One of my go-to recipes is spaghetti bolognese. It’s simple to make, hearty and chock full of goodness. It’s one of Aidan’s favourite dish – he never fails to finish his portion off. And to top it off? I can add loads and loads of veggies into the dish and he is none the wiser.
(Yes, we are in the “no veggies” phase now. RARRR.)
Of all the spag bol recipes that I have tried, the one by Mark Bitman is my favourite. Preparation is easy, it requires minimal attention AND it tastes awesome to boot. I love to whip up a HUGE batch to freeze for days when I have very little time in between classes to take my lunch. And this is definitely one of the dishes that tastes so good as a leftover.
Because I am all about the sharing, here’s the recipe that I adapted from Mark Bitman.
Meat sauce, Bolognese style
2 Tbs. extra virgin olive oil
1 onion, minced
2 small carrots, peeled and minced
3 celery stalk, minced
3 slices chopped bacon
500g minced beef
1/4 cup dry white wine
2 can of tomatoes
280ml chicken or beef stock
Salt and freshly ground pepper to taste
1 cup milk
1/4 cup freshly grated Parmesan cheese
Put the olive oil in a large pot or Dutch oven over medium heat. Add onions, carrots, celery and bacon and sautee until veggies are soft, about 10 minutes.
Add the ground meat, stirring and breaking up any clumps, cooking until all traces of red are gone, about 5 minutes. Add the wine, raise the heat a little and cook, stirring occasionally, until most of the liquid is evaporated, about 5 minutes.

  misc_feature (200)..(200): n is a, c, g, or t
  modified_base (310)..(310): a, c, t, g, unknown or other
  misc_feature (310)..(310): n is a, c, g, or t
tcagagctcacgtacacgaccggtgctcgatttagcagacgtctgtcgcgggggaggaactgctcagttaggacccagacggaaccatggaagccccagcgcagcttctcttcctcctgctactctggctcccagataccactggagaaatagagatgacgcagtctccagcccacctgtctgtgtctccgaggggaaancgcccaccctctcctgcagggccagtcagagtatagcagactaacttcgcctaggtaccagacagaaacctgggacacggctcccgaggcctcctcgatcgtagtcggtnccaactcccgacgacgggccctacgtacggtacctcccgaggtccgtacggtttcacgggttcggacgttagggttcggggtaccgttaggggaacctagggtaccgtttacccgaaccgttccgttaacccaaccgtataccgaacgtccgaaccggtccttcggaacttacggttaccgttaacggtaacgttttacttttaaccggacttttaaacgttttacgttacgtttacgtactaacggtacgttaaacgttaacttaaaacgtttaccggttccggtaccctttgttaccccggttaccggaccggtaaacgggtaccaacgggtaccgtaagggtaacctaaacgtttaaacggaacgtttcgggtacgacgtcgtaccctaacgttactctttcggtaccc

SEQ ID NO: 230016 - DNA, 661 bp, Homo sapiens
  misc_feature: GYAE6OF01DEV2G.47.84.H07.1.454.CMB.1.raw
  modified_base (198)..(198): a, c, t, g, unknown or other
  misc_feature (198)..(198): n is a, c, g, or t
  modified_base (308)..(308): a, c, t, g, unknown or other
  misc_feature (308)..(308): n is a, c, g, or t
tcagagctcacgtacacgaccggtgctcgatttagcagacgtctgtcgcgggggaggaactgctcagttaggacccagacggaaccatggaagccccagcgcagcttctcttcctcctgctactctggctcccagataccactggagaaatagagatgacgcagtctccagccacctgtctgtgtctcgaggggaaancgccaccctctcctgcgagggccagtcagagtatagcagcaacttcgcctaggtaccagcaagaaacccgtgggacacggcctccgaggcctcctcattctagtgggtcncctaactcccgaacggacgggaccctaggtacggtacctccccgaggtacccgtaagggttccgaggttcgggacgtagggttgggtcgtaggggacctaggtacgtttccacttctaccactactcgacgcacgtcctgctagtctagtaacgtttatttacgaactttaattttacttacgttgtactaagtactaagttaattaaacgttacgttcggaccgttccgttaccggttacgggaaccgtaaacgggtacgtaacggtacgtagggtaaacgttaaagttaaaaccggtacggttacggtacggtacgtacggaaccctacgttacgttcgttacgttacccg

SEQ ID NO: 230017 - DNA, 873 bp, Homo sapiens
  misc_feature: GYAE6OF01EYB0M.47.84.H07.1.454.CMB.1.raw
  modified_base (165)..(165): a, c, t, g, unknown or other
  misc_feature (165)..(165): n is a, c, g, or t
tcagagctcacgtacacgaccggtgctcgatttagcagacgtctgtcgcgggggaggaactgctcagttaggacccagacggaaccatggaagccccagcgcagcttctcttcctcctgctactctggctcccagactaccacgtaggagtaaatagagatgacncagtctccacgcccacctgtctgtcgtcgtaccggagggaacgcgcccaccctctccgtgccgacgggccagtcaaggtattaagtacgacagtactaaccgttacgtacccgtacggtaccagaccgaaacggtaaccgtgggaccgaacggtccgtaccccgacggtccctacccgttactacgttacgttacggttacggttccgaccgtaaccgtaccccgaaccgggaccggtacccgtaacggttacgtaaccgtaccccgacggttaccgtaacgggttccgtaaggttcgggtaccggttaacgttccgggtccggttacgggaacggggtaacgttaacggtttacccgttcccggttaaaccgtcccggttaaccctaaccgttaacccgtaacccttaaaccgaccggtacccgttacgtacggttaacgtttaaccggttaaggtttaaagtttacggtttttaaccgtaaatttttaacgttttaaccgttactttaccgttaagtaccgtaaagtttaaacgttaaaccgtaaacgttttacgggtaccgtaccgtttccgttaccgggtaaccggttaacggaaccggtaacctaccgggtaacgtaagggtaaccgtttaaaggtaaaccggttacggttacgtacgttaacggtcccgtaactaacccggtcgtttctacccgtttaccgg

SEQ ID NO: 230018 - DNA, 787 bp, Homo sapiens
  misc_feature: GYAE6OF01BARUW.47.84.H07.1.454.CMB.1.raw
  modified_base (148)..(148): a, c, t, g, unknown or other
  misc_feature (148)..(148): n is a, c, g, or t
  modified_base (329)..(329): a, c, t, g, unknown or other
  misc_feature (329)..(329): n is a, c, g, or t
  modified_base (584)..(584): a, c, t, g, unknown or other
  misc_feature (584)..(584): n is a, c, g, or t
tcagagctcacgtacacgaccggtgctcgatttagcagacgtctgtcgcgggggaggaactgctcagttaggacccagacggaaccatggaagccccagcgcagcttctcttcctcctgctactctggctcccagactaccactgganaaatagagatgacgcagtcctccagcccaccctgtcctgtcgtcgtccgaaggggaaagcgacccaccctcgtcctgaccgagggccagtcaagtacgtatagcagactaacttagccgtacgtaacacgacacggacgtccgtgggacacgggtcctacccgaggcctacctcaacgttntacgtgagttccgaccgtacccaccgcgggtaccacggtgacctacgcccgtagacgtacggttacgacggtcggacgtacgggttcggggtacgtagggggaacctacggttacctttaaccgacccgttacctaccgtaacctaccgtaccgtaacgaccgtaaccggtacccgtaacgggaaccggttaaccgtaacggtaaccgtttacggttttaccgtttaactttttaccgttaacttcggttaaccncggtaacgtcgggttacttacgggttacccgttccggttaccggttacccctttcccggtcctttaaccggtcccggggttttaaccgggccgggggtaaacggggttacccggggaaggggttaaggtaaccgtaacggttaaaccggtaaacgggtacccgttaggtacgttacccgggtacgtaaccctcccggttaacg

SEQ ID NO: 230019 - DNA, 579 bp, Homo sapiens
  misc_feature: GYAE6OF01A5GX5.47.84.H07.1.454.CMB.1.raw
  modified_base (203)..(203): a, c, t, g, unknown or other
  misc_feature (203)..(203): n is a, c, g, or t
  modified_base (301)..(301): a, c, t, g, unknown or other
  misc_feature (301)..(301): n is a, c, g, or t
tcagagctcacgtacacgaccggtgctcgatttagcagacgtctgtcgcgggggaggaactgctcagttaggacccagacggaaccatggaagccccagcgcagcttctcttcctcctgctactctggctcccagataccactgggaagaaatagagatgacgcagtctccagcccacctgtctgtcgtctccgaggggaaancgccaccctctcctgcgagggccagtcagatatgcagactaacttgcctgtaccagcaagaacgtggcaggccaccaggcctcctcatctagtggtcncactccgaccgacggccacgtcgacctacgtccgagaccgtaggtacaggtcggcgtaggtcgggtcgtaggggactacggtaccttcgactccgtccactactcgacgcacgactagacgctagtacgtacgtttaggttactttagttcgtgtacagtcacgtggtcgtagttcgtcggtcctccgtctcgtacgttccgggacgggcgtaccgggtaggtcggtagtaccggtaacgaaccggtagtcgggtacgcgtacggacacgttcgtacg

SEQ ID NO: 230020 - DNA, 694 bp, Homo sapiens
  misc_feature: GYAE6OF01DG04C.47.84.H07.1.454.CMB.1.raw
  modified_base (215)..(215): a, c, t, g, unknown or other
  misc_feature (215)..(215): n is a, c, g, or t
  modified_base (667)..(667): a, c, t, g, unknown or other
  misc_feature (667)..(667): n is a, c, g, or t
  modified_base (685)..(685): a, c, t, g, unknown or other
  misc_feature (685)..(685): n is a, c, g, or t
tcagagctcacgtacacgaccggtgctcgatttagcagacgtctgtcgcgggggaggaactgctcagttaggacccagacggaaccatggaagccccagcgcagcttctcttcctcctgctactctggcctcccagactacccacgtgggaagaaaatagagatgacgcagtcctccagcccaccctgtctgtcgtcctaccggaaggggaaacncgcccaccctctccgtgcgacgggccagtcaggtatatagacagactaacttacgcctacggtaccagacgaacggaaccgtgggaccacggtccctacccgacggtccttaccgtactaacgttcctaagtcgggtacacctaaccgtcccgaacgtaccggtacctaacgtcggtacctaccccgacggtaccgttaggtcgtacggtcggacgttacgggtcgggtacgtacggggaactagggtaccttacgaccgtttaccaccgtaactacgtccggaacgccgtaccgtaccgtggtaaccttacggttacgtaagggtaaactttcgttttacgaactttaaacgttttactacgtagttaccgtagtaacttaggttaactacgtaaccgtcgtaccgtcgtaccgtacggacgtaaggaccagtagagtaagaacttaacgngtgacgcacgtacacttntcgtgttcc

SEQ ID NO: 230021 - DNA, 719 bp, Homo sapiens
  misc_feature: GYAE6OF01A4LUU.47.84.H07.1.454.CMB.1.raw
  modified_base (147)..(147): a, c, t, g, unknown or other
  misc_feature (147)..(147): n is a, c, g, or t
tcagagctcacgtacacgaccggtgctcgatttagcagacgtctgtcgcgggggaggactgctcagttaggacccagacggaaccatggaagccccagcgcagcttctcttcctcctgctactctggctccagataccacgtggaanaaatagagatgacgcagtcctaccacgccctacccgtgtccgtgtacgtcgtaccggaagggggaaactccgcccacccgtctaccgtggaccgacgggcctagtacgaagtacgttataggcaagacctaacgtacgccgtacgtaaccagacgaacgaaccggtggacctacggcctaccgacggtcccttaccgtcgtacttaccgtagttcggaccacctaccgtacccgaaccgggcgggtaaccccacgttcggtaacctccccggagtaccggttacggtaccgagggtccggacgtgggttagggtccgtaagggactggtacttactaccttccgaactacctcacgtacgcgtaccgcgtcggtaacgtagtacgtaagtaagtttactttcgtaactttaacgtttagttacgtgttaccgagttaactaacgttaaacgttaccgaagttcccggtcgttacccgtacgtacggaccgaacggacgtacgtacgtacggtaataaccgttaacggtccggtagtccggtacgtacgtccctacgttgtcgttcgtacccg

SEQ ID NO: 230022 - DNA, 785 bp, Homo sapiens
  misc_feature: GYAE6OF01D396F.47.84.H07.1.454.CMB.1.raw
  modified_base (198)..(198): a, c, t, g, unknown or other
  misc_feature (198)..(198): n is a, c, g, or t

Dump the canned tomatoes to the meat and then add the stock. Bring the heat to low and cook at a slow simmer, stirring occassionally and break up any big pieces of meat or tomatoes as you go.
After an hour or so*, add salt and pepper. Stir well and simmer for another hour, or until much of the liquid is evaporated. The sauce should be pretty thick by now (this is also the point where you may freeze the sauce).
Add in the milk cook for another 15 to 30 minutes, stirring occasionally. Taste and adjust the seasoning to your liking. Serve immediately with any cooked pasta (angel hair for the adults and animal pasta for the kid) with grated Parmesan on top.
*This is where you go out and put something on the telly while you wait. It was a rerun of Asia’s Next Top Models the other day. Mmm. Not a good idea watching glamazonian girls strut their stuff on the screen while a pot of pasta is bubbling away on the stove, eh. I must have eaten an extra serving of the pasta that evening.
This post was written in collaboration with Zalora.